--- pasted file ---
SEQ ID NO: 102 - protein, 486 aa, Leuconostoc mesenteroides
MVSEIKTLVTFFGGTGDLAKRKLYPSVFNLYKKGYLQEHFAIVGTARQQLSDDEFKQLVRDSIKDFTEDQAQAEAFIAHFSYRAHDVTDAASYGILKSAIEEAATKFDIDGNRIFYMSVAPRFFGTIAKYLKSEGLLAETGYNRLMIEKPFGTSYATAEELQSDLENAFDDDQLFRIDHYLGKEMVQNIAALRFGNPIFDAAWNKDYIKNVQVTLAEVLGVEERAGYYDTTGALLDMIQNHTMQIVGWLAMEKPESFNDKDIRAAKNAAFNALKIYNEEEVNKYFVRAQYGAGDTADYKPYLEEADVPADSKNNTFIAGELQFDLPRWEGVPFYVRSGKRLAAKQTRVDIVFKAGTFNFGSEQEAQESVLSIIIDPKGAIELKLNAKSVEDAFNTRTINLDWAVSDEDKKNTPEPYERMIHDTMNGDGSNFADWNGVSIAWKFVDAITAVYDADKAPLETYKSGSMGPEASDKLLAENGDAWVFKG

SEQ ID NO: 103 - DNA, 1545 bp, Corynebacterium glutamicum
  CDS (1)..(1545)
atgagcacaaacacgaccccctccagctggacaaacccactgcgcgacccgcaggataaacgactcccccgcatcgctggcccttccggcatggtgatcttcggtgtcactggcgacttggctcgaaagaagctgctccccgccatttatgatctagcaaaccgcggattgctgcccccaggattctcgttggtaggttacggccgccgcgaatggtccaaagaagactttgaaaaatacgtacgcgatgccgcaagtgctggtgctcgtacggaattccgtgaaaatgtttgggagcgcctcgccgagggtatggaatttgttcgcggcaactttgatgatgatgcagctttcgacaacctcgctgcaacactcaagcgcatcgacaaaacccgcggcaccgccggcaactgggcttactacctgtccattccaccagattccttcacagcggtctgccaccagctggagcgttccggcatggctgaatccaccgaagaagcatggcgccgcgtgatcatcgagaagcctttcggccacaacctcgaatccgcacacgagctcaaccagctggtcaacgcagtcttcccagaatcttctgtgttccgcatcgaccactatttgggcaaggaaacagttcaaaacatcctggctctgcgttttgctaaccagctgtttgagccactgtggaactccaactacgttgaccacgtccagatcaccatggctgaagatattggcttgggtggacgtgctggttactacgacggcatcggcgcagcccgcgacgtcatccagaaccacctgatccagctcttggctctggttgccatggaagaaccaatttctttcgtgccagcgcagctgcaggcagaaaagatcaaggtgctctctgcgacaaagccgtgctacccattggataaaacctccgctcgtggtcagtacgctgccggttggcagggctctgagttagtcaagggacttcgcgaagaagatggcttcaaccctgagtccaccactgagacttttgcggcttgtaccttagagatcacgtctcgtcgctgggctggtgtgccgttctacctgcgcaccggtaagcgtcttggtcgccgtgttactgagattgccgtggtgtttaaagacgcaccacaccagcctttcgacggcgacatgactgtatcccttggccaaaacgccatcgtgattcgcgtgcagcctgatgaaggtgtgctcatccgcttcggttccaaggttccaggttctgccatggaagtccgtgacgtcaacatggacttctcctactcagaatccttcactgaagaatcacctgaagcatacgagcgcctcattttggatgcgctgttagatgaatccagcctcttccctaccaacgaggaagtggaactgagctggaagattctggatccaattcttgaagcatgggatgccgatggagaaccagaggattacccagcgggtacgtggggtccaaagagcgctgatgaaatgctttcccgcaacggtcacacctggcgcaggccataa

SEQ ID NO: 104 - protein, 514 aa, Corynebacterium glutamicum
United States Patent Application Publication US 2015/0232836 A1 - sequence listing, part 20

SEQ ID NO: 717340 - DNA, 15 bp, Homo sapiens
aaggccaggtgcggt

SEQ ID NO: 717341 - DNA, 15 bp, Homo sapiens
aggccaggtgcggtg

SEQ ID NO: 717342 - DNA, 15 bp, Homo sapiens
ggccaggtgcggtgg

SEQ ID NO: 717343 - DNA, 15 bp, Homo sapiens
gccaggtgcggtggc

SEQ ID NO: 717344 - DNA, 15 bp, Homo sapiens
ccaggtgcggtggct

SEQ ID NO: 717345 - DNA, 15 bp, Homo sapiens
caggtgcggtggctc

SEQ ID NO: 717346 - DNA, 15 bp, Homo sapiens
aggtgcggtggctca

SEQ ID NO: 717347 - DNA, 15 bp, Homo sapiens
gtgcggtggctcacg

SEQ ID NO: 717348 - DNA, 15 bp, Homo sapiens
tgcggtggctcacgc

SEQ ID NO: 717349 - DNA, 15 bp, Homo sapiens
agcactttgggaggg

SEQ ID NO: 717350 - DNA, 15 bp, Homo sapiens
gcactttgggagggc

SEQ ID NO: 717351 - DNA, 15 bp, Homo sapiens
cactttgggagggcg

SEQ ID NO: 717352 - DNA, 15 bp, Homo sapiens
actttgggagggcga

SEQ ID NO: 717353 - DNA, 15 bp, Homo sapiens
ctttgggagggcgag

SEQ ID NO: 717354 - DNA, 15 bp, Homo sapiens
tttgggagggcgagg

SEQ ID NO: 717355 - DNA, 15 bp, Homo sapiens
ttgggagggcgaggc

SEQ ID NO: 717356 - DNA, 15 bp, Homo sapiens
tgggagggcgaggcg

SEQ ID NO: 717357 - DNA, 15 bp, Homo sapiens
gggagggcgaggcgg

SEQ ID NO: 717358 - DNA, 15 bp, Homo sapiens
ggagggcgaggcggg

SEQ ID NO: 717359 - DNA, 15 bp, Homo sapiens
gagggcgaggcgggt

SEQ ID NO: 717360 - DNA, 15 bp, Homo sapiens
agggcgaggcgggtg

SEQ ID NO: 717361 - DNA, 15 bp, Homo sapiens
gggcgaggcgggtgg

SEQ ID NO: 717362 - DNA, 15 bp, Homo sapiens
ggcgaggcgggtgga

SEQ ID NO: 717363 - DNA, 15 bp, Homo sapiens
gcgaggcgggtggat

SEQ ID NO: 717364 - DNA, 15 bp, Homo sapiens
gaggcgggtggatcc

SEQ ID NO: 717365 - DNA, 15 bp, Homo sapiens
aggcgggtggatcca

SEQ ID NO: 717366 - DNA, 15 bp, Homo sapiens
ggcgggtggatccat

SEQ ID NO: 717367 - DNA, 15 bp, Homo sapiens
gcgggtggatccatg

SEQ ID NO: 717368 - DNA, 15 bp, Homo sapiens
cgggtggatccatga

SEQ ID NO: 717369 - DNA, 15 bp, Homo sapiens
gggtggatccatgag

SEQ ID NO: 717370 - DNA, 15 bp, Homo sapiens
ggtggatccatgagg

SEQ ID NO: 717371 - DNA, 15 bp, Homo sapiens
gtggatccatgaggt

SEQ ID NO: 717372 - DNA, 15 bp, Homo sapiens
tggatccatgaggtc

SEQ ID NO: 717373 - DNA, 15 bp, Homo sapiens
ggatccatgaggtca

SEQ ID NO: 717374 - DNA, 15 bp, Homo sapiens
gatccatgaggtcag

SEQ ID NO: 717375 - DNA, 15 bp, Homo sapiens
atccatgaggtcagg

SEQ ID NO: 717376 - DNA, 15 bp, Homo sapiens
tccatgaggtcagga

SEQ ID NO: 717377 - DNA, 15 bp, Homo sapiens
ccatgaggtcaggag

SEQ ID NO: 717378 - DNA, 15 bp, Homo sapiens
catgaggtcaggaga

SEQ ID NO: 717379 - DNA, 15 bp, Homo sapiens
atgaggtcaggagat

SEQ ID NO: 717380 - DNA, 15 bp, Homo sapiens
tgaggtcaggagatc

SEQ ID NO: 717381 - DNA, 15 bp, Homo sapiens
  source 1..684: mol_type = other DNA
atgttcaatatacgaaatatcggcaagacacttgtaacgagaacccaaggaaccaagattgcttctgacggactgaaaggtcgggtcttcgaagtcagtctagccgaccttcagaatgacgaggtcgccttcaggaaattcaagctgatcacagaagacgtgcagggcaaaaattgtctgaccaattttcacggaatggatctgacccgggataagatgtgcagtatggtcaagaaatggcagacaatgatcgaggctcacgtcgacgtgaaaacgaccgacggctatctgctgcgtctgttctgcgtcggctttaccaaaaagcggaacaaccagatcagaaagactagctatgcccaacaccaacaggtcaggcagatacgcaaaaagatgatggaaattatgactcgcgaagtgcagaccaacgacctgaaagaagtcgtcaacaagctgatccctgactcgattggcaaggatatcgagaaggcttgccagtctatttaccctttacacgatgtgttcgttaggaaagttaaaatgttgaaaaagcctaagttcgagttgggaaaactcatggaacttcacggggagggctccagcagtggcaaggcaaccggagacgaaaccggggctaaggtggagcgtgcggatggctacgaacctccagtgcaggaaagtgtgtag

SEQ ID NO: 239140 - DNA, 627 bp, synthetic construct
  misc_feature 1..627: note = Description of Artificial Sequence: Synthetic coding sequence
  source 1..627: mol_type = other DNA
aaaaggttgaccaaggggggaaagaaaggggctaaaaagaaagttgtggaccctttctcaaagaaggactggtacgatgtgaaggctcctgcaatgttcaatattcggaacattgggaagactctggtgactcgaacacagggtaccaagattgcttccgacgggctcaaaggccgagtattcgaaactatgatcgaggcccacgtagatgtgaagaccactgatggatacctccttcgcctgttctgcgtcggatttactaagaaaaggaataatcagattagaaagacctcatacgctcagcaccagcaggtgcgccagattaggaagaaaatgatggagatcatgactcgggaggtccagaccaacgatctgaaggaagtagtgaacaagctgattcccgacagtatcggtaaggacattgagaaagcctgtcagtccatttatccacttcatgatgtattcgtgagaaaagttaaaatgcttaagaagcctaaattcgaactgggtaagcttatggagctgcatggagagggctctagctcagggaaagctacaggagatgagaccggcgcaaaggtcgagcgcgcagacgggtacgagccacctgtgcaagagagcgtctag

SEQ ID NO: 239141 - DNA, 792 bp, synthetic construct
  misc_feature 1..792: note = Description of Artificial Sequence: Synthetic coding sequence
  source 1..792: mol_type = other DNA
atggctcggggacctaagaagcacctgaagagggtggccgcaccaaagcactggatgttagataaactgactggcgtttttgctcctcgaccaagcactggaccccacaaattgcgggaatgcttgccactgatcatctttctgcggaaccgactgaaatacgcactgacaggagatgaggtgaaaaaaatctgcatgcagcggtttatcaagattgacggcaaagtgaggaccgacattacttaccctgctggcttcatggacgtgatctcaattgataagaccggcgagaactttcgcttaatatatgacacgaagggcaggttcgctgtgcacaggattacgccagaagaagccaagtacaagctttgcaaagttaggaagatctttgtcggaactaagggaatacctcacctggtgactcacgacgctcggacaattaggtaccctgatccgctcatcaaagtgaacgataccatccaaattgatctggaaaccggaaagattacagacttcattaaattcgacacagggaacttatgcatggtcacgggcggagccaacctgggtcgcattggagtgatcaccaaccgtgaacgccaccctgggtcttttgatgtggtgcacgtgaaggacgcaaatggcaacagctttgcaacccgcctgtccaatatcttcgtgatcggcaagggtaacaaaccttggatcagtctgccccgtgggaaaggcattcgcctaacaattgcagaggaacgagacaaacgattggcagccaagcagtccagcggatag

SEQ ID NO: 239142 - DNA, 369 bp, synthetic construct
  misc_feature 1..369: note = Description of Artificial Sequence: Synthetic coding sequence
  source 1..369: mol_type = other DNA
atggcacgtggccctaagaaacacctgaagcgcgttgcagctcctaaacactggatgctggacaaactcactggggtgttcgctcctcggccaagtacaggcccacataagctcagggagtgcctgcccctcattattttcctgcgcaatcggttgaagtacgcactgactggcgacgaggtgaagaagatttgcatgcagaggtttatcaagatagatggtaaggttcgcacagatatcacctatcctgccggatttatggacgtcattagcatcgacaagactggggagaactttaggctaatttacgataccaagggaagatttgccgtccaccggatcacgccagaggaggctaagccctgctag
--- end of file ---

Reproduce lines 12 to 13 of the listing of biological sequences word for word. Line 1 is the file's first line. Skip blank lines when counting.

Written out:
SEQ ID NO: 717342 - DNA, 15 bp, Homo sapiens
ggccaggtgcggtgg